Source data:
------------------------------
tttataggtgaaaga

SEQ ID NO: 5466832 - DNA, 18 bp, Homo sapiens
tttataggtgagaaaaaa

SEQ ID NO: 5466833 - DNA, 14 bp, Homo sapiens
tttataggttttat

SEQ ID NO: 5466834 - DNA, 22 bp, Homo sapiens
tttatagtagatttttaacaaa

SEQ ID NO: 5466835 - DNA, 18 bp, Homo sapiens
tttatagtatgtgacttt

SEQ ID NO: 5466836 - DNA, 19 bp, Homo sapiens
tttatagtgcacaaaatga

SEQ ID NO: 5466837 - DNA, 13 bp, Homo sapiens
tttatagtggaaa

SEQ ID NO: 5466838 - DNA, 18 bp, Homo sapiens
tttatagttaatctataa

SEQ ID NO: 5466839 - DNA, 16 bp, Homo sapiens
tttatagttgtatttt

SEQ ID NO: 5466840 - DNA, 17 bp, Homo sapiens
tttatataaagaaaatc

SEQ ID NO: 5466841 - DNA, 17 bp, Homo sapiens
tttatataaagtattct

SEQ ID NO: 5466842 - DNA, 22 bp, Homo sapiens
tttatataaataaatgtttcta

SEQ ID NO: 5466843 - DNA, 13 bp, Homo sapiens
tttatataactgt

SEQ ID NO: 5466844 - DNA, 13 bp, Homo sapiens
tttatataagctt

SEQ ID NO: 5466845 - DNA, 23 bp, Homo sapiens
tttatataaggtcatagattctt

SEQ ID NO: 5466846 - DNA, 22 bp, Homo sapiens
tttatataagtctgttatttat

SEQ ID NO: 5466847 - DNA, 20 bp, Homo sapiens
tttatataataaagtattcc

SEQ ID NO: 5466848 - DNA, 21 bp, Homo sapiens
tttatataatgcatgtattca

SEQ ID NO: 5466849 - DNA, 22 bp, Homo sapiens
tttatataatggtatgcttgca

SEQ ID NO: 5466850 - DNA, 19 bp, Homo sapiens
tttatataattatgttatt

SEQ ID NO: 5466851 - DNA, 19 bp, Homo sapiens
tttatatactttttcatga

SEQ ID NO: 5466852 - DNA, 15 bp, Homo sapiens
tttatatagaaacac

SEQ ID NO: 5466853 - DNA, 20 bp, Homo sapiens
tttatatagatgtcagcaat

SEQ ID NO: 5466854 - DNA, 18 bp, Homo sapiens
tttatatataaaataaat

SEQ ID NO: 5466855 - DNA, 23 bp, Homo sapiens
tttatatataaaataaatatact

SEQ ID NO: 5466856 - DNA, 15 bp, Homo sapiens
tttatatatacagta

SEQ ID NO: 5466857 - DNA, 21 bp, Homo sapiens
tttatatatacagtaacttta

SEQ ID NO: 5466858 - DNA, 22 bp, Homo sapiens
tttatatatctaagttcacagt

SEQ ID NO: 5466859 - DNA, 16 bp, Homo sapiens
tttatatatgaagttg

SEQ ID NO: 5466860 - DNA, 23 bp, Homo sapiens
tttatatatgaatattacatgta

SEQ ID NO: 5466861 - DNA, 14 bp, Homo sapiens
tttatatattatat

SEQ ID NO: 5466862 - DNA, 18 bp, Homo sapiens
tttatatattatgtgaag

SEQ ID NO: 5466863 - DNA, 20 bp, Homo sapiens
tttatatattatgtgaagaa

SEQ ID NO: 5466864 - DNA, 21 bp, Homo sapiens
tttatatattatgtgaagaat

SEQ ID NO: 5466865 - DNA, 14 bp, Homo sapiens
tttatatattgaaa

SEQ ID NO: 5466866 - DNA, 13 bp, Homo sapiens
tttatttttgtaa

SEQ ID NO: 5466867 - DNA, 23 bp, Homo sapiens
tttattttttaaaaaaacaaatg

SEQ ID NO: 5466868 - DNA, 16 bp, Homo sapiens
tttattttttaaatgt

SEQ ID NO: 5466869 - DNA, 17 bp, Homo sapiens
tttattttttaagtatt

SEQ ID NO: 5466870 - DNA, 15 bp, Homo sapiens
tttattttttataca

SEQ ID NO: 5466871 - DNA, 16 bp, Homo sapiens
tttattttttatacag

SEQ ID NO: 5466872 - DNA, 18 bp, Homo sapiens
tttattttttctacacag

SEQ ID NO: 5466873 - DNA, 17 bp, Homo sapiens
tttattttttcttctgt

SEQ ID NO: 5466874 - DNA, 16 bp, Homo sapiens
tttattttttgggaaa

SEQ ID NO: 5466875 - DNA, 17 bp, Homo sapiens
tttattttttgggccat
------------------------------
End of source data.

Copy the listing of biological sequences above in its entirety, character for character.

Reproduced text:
tttataggtgaaaga

SEQ ID NO: 5466832 - DNA, 18 bp, Homo sapiens
tttataggtgagaaaaaa

SEQ ID NO: 5466833 - DNA, 14 bp, Homo sapiens
tttataggttttat

SEQ ID NO: 5466834 - DNA, 22 bp, Homo sapiens
tttatagtagatttttaacaaa

SEQ ID NO: 5466835 - DNA, 18 bp, Homo sapiens
tttatagtatgtgacttt

SEQ ID NO: 5466836 - DNA, 19 bp, Homo sapiens
tttatagtgcacaaaatga

SEQ ID NO: 5466837 - DNA, 13 bp, Homo sapiens
tttatagtggaaa

SEQ ID NO: 5466838 - DNA, 18 bp, Homo sapiens
tttatagttaatctataa

SEQ ID NO: 5466839 - DNA, 16 bp, Homo sapiens
tttatagttgtatttt

SEQ ID NO: 5466840 - DNA, 17 bp, Homo sapiens
tttatataaagaaaatc

SEQ ID NO: 5466841 - DNA, 17 bp, Homo sapiens
tttatataaagtattct

SEQ ID NO: 5466842 - DNA, 22 bp, Homo sapiens
tttatataaataaatgtttcta

SEQ ID NO: 5466843 - DNA, 13 bp, Homo sapiens
tttatataactgt

SEQ ID NO: 5466844 - DNA, 13 bp, Homo sapiens
tttatataagctt

SEQ ID NO: 5466845 - DNA, 23 bp, Homo sapiens
tttatataaggtcatagattctt

SEQ ID NO: 5466846 - DNA, 22 bp, Homo sapiens
tttatataagtctgttatttat

SEQ ID NO: 5466847 - DNA, 20 bp, Homo sapiens
tttatataataaagtattcc

SEQ ID NO: 5466848 - DNA, 21 bp, Homo sapiens
tttatataatgcatgtattca

SEQ ID NO: 5466849 - DNA, 22 bp, Homo sapiens
tttatataatggtatgcttgca

SEQ ID NO: 5466850 - DNA, 19 bp, Homo sapiens
tttatataattatgttatt

SEQ ID NO: 5466851 - DNA, 19 bp, Homo sapiens
tttatatactttttcatga

SEQ ID NO: 5466852 - DNA, 15 bp, Homo sapiens
tttatatagaaacac

SEQ ID NO: 5466853 - DNA, 20 bp, Homo sapiens
tttatatagatgtcagcaat

SEQ ID NO: 5466854 - DNA, 18 bp, Homo sapiens
tttatatataaaataaat

SEQ ID NO: 5466855 - DNA, 23 bp, Homo sapiens
tttatatataaaataaatatact

SEQ ID NO: 5466856 - DNA, 15 bp, Homo sapiens
tttatatatacagta

SEQ ID NO: 5466857 - DNA, 21 bp, Homo sapiens
tttatatatacagtaacttta

SEQ ID NO: 5466858 - DNA, 22 bp, Homo sapiens
tttatatatctaagttcacagt

SEQ ID NO: 5466859 - DNA, 16 bp, Homo sapiens
tttatatatgaagttg

SEQ ID NO: 5466860 - DNA, 23 bp, Homo sapiens
tttatatatgaatattacatgta

SEQ ID NO: 5466861 - DNA, 14 bp, Homo sapiens
tttatatattatat

SEQ ID NO: 5466862 - DNA, 18 bp, Homo sapiens
tttatatattatgtgaag

SEQ ID NO: 5466863 - DNA, 20 bp, Homo sapiens
tttatatattatgtgaagaa

SEQ ID NO: 5466864 - DNA, 21 bp, Homo sapiens
tttatatattatgtgaagaat

SEQ ID NO: 5466865 - DNA, 14 bp, Homo sapiens
tttatatattgaaa

SEQ ID NO: 5466866 - DNA, 13 bp, Homo sapiens
tttatttttgtaa

SEQ ID NO: 5466867 - DNA, 23 bp, Homo sapiens
tttattttttaaaaaaacaaatg

SEQ ID NO: 5466868 - DNA, 16 bp, Homo sapiens
tttattttttaaatgt

SEQ ID NO: 5466869 - DNA, 17 bp, Homo sapiens
tttattttttaagtatt

SEQ ID NO: 5466870 - DNA, 15 bp, Homo sapiens
tttattttttataca

SEQ ID NO: 5466871 - DNA, 16 bp, Homo sapiens
tttattttttatacag

SEQ ID NO: 5466872 - DNA, 18 bp, Homo sapiens
tttattttttctacacag

SEQ ID NO: 5466873 - DNA, 17 bp, Homo sapiens
tttattttttcttctgt

SEQ ID NO: 5466874 - DNA, 16 bp, Homo sapiens
tttattttttgggaaa

SEQ ID NO: 5466875 - DNA, 17 bp, Homo sapiens
tttattttttgggccat